OKLAHOMA CITY, Feb. 9 (UPI) -- Shares in U.S. oil and gas company Chesapeake Energy Corp. recovered lost ground after it said it was seeking financial guidance, but not filing for bankruptcy.
Shares in Chesapeake fell more than 50 percent from Friday's close to a low point of around $1.50 per share Monday. Values had recovered somewhat in overnight trading to settle around $2.05 on the New York Stock Exchange.
Pressure for the company emerged last year when industry consultant group IHS warned the steady decline in crude oil prices could limit the borrowing options for North American exploration and production companies like Chesapeake
Chesapeake in September said it was cutting 15 percent of its workforce, or around 750 employees. In October, Moody's Investors Service downgraded the corporate rating for Chesapeake by one notch to Ba2, saying the company will have to unload some of its assets and realign its capital structure to adjust to lower crude oil prices.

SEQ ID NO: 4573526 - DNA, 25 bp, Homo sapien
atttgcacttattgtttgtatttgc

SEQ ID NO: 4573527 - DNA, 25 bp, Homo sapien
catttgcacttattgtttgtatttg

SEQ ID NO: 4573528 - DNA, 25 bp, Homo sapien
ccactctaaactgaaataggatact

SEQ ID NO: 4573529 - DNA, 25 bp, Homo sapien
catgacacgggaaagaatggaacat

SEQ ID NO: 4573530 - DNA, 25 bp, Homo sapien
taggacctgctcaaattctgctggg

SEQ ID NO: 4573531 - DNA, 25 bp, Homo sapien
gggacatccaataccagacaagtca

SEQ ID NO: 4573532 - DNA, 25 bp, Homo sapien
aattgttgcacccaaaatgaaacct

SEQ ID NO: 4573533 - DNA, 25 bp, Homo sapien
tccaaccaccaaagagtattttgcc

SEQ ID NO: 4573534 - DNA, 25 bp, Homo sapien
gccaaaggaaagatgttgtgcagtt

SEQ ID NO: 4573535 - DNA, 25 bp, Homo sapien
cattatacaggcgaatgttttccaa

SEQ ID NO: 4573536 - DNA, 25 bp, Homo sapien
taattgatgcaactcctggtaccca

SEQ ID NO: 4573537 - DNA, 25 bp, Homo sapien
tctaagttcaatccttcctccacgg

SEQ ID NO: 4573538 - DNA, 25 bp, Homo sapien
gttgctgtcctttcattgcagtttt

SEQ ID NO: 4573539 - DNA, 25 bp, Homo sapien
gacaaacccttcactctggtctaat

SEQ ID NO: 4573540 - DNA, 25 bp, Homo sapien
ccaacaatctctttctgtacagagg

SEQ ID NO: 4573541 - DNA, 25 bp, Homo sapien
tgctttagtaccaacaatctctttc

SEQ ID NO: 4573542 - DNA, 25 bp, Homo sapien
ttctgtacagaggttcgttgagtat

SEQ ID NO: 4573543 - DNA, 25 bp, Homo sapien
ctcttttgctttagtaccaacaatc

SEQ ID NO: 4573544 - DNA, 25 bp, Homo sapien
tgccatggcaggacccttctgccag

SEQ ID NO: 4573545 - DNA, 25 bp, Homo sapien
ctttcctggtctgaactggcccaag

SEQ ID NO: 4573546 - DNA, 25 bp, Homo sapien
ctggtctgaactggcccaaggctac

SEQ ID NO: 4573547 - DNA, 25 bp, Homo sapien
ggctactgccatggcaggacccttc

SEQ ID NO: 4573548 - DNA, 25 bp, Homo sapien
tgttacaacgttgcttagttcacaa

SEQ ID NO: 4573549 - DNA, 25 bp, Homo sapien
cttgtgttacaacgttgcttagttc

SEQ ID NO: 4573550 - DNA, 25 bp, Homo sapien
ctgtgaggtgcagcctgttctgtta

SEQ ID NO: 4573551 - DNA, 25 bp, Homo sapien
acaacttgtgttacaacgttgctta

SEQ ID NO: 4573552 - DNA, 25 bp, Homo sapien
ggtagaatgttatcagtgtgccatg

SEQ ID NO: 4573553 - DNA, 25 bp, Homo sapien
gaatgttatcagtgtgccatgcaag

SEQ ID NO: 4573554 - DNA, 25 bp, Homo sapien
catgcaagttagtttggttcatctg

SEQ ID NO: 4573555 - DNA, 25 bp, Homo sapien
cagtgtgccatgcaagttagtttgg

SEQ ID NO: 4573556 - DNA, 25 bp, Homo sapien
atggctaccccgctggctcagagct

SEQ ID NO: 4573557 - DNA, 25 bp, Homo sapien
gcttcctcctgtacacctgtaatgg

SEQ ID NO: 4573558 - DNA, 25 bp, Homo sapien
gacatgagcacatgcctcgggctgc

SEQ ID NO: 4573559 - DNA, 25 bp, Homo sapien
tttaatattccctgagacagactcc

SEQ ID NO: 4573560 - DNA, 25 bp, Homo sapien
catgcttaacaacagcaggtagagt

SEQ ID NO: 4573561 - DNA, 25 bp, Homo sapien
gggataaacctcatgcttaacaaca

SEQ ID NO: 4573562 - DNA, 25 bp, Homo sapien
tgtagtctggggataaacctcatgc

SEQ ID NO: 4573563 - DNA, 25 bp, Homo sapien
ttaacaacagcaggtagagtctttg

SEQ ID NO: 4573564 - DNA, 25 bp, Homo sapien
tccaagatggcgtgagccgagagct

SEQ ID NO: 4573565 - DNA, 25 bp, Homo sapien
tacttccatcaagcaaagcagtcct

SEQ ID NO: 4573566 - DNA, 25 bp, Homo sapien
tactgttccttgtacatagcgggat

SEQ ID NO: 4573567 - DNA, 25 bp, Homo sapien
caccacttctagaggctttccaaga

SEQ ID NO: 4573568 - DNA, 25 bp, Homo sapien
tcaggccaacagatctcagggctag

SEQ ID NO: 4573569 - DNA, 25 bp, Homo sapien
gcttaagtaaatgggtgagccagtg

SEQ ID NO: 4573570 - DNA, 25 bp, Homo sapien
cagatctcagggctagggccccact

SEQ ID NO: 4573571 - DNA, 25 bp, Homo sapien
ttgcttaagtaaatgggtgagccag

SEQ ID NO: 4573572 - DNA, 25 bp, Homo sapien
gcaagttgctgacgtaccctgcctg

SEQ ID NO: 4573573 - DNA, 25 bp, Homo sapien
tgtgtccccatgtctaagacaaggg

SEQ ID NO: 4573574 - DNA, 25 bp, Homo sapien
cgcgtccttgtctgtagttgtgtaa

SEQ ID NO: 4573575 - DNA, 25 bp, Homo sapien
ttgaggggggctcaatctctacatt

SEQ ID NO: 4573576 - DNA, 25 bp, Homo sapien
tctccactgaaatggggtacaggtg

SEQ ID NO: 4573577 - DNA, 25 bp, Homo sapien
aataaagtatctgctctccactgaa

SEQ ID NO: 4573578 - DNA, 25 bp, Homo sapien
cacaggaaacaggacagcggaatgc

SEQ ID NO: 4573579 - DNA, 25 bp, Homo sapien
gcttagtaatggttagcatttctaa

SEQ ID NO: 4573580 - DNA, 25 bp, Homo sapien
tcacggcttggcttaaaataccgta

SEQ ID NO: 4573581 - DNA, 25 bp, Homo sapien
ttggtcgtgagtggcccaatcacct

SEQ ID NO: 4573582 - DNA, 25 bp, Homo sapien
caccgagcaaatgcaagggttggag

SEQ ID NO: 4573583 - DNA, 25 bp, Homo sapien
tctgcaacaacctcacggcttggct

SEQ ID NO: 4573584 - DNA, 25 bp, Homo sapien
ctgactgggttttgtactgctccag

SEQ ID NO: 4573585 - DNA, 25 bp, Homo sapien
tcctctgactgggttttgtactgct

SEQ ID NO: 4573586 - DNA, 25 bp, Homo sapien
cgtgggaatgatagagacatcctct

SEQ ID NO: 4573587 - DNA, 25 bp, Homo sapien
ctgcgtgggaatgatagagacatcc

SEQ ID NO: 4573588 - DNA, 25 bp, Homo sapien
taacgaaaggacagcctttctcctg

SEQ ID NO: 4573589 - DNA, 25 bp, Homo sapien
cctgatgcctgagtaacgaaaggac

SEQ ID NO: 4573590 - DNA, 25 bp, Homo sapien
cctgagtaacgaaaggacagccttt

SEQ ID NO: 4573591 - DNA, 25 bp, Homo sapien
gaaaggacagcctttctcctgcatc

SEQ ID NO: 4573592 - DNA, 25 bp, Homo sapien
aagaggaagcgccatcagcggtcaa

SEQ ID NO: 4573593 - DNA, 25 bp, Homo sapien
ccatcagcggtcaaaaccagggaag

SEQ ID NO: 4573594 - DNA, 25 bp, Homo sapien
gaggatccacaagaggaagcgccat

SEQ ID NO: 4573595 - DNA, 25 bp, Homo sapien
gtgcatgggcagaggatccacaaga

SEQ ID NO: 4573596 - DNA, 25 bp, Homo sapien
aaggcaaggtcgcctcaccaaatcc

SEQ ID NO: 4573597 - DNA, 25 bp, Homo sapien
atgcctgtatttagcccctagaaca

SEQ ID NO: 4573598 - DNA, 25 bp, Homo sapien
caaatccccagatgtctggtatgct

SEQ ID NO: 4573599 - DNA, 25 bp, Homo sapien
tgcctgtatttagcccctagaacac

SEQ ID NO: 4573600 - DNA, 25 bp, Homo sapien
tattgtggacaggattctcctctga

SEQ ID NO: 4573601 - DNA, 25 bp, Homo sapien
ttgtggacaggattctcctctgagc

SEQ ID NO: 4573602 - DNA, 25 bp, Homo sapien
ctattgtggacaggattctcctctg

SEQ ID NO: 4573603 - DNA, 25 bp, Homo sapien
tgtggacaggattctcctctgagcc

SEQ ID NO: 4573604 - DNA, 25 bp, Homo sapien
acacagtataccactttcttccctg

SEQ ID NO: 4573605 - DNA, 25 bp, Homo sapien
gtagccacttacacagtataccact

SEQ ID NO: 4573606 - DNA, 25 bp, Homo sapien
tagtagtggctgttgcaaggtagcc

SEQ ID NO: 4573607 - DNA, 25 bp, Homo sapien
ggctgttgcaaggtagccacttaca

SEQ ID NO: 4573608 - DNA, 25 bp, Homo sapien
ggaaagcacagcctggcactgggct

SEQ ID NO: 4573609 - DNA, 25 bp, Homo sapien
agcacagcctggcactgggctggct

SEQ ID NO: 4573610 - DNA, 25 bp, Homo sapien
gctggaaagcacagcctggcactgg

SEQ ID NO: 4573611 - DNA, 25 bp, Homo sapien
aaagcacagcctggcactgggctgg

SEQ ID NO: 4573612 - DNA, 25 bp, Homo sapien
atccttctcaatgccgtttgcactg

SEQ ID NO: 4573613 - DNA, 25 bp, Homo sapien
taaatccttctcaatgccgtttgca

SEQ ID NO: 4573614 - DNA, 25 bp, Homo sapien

Last month, Chesapeake opted to suspend payment of preferred dividends in order to redirect about $170 million in cash toward its debts.
The company in a statement said it retained long-time counsel Kirkland & Ellis to help manage debt and strengthen its balance sheet.
"Chesapeake currently has no plans to pursue bankruptcy and is aggressively seeking to maximize value for all shareholders," it said.
Aubrey McClendon helped establish Chesapeake as a shale oil and natural gas pioneer before he was ousted through an investor rebellion in 2013. Under his tenure, the company became one of the largest natural gas producers in the United States.
Chesapeake (NYSE:CHK) ended 2013 at $25.93.
The company is expected to release its fourth quarter report Feb. 24.